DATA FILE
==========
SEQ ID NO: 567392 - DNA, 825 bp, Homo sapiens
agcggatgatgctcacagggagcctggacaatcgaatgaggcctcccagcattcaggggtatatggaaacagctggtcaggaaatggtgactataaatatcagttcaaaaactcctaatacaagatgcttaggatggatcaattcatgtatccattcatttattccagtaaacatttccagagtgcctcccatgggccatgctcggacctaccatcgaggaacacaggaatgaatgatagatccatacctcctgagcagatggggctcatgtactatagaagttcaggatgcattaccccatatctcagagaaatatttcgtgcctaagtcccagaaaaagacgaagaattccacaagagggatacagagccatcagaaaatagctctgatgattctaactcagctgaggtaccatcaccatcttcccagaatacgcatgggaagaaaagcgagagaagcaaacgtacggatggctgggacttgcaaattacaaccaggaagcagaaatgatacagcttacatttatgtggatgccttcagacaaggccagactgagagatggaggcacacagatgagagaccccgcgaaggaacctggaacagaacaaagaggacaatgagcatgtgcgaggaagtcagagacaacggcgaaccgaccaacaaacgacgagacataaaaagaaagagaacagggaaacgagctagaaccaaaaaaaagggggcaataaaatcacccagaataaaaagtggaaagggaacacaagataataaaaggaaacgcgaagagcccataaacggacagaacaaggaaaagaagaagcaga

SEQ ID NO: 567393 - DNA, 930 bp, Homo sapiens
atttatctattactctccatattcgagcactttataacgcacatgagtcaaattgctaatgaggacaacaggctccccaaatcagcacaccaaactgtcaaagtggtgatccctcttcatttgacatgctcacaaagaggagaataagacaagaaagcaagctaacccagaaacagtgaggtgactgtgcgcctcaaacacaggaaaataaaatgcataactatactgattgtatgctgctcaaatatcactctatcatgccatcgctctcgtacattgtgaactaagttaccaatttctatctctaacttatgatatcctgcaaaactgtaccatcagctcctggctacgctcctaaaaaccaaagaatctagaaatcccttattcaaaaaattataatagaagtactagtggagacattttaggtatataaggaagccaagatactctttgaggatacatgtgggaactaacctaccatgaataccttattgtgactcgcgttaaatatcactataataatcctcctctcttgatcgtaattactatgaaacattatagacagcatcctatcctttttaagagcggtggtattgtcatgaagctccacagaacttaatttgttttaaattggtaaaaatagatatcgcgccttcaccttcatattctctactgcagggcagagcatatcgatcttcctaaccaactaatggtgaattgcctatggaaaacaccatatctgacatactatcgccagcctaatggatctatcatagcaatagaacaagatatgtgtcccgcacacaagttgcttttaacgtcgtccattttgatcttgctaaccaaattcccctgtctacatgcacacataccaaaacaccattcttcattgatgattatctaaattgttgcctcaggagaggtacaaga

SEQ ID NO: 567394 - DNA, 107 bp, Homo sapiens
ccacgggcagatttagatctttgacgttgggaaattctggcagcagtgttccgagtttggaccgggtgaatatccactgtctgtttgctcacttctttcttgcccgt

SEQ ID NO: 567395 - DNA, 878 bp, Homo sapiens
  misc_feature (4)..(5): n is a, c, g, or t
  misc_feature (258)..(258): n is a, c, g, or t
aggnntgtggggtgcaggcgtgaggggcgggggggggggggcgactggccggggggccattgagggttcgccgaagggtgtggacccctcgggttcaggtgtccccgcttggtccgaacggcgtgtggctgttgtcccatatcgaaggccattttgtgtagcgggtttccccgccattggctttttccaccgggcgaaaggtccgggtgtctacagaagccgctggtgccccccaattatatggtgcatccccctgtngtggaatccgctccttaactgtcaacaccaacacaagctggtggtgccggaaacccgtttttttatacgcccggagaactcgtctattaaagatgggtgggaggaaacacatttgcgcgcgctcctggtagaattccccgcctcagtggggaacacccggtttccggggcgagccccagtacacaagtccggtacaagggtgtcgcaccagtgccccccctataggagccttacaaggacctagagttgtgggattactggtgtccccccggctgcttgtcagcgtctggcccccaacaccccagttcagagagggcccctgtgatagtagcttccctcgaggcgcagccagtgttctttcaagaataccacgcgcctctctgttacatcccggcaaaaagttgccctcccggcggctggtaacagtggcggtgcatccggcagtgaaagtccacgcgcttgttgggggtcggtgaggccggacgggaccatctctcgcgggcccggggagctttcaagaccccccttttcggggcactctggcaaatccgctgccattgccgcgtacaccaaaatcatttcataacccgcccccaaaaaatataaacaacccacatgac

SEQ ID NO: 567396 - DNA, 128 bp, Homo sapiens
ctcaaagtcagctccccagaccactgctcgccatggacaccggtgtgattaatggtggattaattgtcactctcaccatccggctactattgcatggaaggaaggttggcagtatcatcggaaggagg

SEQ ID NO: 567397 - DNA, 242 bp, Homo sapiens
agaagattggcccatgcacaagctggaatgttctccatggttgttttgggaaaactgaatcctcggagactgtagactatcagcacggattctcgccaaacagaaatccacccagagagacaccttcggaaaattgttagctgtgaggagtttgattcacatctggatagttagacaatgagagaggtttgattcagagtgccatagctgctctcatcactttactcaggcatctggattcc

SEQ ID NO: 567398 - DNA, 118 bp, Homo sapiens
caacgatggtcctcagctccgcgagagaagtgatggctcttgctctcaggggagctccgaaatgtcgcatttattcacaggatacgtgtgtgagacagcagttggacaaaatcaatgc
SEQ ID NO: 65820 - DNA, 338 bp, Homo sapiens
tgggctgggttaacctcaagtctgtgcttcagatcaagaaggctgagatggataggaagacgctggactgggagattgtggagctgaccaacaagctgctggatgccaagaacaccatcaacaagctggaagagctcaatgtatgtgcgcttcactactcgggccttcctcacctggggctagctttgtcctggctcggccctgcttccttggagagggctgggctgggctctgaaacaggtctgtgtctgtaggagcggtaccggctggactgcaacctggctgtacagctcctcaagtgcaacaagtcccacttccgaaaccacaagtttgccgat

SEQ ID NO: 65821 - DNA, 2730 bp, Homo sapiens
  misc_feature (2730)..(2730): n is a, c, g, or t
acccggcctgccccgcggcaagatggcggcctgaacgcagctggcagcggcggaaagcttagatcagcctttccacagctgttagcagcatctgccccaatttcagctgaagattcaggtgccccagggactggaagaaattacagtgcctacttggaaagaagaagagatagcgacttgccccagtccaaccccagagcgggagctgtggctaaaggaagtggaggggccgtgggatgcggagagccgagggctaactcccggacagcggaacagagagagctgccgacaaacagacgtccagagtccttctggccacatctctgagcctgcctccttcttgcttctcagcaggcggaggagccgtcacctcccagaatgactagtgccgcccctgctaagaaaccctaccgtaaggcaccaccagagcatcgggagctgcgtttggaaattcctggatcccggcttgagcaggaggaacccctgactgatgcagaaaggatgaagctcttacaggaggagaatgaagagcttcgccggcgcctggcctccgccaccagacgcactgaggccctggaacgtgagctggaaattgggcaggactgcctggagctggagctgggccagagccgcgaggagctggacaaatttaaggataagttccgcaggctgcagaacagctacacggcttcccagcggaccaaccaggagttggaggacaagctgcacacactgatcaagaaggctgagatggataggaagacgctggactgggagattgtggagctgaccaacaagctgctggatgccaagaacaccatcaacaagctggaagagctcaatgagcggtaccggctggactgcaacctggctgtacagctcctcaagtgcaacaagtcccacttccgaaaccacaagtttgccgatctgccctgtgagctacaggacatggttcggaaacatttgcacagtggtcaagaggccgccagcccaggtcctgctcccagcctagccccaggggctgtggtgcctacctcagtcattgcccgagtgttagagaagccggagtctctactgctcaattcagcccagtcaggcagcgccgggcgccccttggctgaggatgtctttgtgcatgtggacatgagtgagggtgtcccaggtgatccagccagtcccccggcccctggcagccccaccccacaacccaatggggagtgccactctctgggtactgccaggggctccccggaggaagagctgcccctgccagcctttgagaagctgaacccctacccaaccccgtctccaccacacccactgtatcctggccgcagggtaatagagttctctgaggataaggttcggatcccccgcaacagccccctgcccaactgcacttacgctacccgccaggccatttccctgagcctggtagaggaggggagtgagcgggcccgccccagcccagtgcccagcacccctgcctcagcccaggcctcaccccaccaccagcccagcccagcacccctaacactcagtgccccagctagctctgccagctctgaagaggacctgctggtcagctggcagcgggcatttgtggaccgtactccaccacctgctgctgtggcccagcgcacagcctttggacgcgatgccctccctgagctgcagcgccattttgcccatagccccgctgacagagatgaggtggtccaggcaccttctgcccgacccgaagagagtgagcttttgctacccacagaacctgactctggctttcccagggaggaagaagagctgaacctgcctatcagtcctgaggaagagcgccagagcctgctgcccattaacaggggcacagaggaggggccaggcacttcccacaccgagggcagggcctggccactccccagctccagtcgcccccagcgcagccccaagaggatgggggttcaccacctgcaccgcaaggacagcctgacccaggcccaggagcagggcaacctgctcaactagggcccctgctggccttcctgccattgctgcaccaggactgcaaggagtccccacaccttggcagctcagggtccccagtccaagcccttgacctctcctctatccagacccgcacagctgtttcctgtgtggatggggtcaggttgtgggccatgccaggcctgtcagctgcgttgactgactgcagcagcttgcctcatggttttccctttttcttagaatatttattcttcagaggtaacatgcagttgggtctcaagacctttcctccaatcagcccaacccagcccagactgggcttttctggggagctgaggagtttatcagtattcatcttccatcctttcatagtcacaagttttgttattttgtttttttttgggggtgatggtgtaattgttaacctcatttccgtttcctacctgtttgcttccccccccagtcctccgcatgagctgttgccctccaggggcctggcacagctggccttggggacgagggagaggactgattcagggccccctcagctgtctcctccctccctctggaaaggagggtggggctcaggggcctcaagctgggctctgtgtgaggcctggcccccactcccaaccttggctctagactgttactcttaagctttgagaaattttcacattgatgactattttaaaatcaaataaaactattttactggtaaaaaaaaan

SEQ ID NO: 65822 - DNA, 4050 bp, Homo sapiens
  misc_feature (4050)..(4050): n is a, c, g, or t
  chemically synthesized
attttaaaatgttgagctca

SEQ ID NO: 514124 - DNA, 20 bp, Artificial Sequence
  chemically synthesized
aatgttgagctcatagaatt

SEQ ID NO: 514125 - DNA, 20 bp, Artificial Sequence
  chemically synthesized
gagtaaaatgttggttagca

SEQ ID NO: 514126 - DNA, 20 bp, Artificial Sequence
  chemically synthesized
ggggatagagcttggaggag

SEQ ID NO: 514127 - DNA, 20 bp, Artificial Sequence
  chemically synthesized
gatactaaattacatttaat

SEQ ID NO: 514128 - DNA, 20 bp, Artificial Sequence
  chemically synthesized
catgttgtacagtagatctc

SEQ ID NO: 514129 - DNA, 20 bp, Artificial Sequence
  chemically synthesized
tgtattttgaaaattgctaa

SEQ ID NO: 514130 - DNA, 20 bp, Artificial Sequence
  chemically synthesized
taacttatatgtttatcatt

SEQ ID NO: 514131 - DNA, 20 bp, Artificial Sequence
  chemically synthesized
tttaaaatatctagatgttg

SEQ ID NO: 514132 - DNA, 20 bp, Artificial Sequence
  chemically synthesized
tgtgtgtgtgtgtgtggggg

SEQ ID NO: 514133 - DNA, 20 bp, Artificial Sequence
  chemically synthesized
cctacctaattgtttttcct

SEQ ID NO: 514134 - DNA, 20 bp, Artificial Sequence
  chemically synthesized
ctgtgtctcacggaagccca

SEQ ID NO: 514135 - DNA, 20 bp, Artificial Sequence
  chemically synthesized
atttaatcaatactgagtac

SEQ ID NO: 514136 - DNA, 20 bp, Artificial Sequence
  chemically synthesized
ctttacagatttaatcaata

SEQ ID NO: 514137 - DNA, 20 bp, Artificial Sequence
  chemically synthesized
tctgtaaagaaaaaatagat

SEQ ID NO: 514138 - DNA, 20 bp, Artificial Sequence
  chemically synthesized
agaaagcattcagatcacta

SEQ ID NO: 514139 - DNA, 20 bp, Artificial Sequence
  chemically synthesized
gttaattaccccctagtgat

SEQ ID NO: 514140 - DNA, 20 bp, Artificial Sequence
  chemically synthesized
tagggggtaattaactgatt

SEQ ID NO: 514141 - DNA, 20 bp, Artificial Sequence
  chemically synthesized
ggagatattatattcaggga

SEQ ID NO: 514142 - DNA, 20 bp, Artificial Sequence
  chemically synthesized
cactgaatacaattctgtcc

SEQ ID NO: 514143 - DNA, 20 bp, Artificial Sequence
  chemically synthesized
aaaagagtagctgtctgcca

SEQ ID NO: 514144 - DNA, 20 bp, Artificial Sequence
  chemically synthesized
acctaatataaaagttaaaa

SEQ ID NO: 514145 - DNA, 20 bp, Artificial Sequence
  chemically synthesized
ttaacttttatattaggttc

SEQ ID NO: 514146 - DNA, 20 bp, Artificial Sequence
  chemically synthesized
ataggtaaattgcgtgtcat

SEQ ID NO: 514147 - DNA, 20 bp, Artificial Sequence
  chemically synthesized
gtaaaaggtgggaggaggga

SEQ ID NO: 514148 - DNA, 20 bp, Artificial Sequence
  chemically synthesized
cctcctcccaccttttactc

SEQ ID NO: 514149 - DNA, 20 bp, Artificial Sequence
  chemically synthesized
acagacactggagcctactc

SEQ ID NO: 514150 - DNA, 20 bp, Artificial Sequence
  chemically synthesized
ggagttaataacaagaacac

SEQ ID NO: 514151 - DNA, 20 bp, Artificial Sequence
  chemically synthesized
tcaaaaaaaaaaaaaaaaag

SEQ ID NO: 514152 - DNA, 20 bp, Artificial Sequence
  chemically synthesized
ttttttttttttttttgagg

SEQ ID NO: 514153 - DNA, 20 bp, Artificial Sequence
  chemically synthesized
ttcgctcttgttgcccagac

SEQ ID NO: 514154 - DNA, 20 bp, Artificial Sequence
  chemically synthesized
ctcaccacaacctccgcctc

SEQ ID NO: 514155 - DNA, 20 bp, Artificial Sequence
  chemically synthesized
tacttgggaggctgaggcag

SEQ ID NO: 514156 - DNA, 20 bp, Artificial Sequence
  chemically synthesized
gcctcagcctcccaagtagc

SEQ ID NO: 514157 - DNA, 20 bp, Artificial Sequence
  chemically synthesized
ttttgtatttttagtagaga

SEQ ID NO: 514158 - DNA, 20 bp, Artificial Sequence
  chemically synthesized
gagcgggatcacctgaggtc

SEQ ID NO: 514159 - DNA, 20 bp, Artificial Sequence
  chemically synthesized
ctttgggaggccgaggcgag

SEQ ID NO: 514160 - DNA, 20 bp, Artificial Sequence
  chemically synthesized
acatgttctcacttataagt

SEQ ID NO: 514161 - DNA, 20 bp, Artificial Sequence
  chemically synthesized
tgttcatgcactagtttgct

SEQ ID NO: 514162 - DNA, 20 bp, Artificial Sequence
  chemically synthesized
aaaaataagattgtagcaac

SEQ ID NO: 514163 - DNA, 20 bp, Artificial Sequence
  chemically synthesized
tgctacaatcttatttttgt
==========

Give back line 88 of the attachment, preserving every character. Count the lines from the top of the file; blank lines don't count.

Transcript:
acctaatataaaagttaaaa